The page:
Rachel Hallock's Reviews > Riding in Cars with Boys: Confessions of a Bad Girl Who Makes Good

Riding in Cars with Boys by Beverly Donofrio
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Dec 28, 2009

really liked it
Read in December, 2009

I read Riding in Cars with Boys, by Beverly Donofrio. There’s a movie based on it with Drew Barrymore, but before I read the book I hadn’t seen it. As a notorious Barrymore-hater, I figured the movie would be atrocious, but surprisingly was the best I’ve ever seen Drew. I must admit I did read the book because it had a movie to go along with it, but as usual, I liked the book better than the movie.
To summarize briefly, Bev is a teenage girl living in the projects who gets into some “trouble”, meaning she gets knocked up. As a pregnant teenager, she deals with the hardships of having to grow up too quickly and trying to balance her own life with caring for her child.
Beverly is absolutely crazy, but she is inspiring in her own right. Actually, her insanity is legitimately proven when she visits the division of vocational rehabilitation.
“If I scored crazy and smart enough, they’d send me to college; if I scored crazy and wasn’t smart, I’d get vocational training.” (Donofrio 140)
She scores crazy and smart, but doesn’t quite have the initiative the DVR is looking for. They send her to community college, but she has to find her own transportation and childcare for Jason.
Beverly is a captivating author. She has a brash style and doesn’t glaze over anything, but with what she has been through, that’s to be expected. It is obvious from the very beginning that she was much more intelligent than a “hood” is expected to be. She knows it, too, and tries to make the best of her life.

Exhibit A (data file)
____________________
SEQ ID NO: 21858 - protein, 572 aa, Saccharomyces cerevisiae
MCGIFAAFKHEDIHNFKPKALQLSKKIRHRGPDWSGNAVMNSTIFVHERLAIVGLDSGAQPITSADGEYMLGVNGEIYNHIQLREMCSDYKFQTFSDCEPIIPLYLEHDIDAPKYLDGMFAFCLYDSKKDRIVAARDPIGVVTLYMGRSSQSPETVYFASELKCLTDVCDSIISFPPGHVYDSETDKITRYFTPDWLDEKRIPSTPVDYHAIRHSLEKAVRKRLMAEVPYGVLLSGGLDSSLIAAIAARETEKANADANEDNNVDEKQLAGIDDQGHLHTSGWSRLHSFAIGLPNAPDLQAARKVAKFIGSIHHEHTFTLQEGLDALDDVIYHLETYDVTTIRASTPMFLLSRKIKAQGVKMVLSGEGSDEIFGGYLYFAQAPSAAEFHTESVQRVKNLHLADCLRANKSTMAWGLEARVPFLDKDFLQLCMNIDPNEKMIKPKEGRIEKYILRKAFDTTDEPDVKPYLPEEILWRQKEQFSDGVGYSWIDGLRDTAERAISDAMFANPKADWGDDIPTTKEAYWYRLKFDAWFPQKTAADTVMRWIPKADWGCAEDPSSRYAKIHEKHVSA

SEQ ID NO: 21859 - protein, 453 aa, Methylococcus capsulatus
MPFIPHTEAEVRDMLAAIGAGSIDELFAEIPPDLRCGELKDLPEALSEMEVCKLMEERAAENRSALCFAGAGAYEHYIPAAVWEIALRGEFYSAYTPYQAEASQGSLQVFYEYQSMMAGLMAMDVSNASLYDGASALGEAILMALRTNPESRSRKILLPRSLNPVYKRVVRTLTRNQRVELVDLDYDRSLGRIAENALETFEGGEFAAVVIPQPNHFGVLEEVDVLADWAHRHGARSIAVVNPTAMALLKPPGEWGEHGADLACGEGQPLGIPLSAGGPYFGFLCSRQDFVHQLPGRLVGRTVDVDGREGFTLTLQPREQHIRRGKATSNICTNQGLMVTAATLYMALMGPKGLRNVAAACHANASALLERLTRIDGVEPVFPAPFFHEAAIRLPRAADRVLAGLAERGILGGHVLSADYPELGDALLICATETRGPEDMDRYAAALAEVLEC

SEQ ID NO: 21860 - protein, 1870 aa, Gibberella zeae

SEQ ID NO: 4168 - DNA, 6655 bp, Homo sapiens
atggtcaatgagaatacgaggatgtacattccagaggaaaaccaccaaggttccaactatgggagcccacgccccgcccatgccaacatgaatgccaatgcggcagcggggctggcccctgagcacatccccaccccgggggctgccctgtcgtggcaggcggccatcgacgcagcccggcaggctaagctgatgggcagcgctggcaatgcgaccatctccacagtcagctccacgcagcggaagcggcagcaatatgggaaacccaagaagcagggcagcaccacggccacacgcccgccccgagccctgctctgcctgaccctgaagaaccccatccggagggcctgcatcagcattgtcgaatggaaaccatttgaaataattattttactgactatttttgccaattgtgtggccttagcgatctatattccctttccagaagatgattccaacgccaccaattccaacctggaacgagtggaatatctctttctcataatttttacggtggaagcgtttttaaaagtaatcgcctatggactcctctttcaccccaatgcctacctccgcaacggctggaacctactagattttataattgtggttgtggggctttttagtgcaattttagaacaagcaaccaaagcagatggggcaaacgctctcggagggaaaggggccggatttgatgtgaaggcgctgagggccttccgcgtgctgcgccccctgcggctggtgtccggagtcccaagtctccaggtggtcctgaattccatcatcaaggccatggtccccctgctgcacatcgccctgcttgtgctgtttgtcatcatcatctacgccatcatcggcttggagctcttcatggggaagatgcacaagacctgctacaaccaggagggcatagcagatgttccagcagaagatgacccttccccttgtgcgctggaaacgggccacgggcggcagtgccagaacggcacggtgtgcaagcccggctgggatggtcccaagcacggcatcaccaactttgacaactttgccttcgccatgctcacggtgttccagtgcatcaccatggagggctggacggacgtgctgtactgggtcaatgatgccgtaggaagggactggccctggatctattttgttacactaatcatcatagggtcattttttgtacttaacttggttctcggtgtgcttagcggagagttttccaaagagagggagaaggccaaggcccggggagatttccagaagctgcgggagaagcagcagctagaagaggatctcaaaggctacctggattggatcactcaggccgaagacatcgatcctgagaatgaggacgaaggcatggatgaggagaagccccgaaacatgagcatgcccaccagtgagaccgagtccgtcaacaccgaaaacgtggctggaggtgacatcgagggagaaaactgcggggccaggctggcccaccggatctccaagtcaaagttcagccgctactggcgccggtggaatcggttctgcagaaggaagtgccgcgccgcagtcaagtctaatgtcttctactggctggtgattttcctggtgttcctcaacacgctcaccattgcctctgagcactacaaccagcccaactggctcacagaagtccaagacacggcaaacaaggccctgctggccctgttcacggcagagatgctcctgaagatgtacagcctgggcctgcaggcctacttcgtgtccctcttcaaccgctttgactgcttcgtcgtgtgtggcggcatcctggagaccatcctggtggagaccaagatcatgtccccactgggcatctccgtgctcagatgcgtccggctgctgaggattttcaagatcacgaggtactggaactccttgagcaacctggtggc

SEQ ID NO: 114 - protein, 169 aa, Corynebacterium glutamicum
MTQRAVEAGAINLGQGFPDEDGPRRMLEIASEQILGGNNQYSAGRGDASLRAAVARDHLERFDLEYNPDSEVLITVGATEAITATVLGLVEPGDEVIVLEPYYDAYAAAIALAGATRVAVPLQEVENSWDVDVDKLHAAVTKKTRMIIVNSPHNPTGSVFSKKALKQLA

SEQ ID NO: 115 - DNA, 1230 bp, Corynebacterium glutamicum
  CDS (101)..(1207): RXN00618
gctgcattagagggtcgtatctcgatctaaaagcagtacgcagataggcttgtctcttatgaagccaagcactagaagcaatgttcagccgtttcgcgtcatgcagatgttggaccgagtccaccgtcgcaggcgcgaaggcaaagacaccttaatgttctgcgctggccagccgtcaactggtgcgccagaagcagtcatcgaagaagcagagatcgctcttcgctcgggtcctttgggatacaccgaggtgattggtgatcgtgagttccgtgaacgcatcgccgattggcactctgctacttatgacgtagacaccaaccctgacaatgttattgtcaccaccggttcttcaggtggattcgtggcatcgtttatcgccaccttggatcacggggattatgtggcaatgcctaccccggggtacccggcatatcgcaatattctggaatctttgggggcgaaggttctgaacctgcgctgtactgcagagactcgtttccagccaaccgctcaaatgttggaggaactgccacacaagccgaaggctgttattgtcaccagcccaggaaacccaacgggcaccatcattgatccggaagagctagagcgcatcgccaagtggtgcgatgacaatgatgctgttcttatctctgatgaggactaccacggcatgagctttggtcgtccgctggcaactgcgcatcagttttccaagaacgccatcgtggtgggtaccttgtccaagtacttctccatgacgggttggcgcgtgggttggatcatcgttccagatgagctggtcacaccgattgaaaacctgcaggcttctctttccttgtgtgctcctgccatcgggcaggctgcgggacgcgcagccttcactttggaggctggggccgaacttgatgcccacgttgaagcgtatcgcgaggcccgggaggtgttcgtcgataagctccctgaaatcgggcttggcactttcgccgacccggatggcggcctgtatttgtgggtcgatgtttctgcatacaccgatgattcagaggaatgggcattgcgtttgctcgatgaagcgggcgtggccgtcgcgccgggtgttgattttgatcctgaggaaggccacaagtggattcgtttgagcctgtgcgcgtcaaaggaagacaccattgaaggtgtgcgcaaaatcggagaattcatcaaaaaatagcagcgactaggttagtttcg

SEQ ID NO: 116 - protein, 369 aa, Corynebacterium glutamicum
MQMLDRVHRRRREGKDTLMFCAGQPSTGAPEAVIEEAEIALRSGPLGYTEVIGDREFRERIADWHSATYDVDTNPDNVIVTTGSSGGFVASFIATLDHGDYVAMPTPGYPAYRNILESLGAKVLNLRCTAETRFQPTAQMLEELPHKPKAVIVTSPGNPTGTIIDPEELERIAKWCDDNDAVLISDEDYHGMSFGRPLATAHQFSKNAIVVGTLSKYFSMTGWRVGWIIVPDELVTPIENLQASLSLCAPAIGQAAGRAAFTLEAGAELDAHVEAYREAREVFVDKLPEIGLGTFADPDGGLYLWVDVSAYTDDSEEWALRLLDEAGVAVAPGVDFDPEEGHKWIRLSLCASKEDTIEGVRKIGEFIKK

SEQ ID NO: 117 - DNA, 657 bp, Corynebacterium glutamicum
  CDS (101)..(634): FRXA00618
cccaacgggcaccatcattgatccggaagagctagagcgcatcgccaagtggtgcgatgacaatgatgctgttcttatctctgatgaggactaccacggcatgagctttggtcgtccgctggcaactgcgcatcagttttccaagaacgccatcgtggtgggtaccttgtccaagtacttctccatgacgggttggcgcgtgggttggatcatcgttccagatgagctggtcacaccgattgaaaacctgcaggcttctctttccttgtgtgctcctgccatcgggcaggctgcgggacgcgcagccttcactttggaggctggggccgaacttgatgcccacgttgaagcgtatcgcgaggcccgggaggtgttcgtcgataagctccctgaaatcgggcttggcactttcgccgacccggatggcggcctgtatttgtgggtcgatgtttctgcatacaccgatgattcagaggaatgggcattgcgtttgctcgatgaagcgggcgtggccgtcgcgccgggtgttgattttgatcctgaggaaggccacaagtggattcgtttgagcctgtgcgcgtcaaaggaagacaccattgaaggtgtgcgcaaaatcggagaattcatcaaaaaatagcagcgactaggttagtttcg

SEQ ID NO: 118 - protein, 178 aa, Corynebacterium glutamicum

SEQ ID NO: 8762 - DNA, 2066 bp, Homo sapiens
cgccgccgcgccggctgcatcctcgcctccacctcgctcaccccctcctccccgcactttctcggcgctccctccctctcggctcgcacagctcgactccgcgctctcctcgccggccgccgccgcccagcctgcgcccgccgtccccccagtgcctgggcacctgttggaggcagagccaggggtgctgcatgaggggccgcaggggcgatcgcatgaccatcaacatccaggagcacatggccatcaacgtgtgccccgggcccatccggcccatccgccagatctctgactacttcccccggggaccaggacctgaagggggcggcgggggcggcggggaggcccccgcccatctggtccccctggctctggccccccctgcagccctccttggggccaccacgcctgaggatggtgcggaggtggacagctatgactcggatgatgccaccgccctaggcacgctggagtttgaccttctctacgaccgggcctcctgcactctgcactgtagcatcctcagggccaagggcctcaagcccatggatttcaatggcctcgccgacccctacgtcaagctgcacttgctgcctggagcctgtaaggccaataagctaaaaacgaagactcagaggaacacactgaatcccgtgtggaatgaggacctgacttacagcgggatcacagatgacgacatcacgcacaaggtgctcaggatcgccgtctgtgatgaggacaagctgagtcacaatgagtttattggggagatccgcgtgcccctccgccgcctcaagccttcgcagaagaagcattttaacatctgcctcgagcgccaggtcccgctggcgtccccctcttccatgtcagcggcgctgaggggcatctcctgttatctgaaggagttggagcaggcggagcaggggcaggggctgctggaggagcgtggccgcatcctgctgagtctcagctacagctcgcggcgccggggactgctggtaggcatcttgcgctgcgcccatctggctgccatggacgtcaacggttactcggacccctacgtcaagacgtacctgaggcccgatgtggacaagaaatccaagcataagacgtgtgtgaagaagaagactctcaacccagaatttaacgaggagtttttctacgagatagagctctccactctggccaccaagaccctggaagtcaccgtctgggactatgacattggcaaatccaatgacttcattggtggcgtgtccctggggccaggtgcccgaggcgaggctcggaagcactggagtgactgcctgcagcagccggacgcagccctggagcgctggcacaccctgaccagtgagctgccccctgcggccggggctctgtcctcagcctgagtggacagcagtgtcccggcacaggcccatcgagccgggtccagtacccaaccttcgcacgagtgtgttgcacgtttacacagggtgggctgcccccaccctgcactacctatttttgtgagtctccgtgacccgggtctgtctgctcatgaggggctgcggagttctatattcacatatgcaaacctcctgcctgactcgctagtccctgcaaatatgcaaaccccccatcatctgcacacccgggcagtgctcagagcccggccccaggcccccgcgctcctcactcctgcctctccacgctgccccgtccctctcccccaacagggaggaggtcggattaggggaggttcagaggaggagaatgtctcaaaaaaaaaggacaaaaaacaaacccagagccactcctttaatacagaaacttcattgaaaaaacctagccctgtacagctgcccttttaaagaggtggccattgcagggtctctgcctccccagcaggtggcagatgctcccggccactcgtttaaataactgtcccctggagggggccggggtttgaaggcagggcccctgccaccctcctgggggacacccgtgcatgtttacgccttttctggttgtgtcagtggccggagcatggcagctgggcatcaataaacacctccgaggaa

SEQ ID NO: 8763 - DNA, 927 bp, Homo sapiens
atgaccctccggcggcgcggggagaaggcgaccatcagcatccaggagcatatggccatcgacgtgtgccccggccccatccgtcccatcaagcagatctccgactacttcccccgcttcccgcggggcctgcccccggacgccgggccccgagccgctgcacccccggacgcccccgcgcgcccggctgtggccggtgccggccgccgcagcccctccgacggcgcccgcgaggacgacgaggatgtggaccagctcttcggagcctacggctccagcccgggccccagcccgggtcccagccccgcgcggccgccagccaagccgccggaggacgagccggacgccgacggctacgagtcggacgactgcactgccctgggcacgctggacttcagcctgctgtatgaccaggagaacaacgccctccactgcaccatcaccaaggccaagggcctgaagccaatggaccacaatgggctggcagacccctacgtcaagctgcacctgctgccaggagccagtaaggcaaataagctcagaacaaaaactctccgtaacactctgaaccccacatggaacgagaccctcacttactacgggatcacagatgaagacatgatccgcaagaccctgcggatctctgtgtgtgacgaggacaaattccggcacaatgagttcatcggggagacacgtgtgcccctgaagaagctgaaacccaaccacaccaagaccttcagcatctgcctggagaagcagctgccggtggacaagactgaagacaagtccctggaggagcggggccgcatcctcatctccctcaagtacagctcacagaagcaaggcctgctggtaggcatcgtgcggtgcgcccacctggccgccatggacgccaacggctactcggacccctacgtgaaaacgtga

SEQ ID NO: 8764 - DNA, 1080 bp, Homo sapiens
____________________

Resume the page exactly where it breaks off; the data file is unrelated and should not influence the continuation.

I liked this book. It was interesting and fast paced. Usually I’m not a big fan of biographies because people’s lives really aren’t all that interesting. As Bev says,
“All life is, is three or four big days that change everything.” (Donofrio 94)
I can’t help but agree. Usually biographies drag on with unnecessary information, but Riding in Cars with Boys isn’t like that. It’s all relevant.
The only thing about this book that irks me is the end. Suddenly the book jumps from Bev and Jason finally moving to New York, with Jason being only about 7 years old, to him attending college. I really would like to hear more about their time in the city and how Bev grows from still being a kid herself to finally becoming the mother that she needs to be.
Bev isn’t a famous person who I just wanted to learn more about. She’s just a person who was born into sub-ordinary circumstances and made the best of her dismal decisions. I generally like books where at least on main character is more than a little crazy and end up idolizing them a bit more than they might deserve, but Bev, although crazy, is a good person and a good role model.
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Comments (showing 1-4 of 4) (4 new)

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message 1: by Megan (new) - added it

Megan Costello Nice Review. :)


message 2: by Brenashawnae (new)

Brenashawnae I enjoyed this because you aren't nagging upon the fact that Bev does mess up a lot. You give her the credit she deserves for being a young,liberated, and though it took a few years, a successful mother! I haven't seen the movie, but now that I've read the book, I really want to see how Drew plays the role of Bev!


Nicole I agree that I wish more of New York was included, but at least we got some. The movie didn't include it at all. I didn't really find her a good person, but fascinating non the less. Thank-you for posting your review! I am glad someone else liked the book there is a lot of hating on it. :)


Nicole PS merry Xmas


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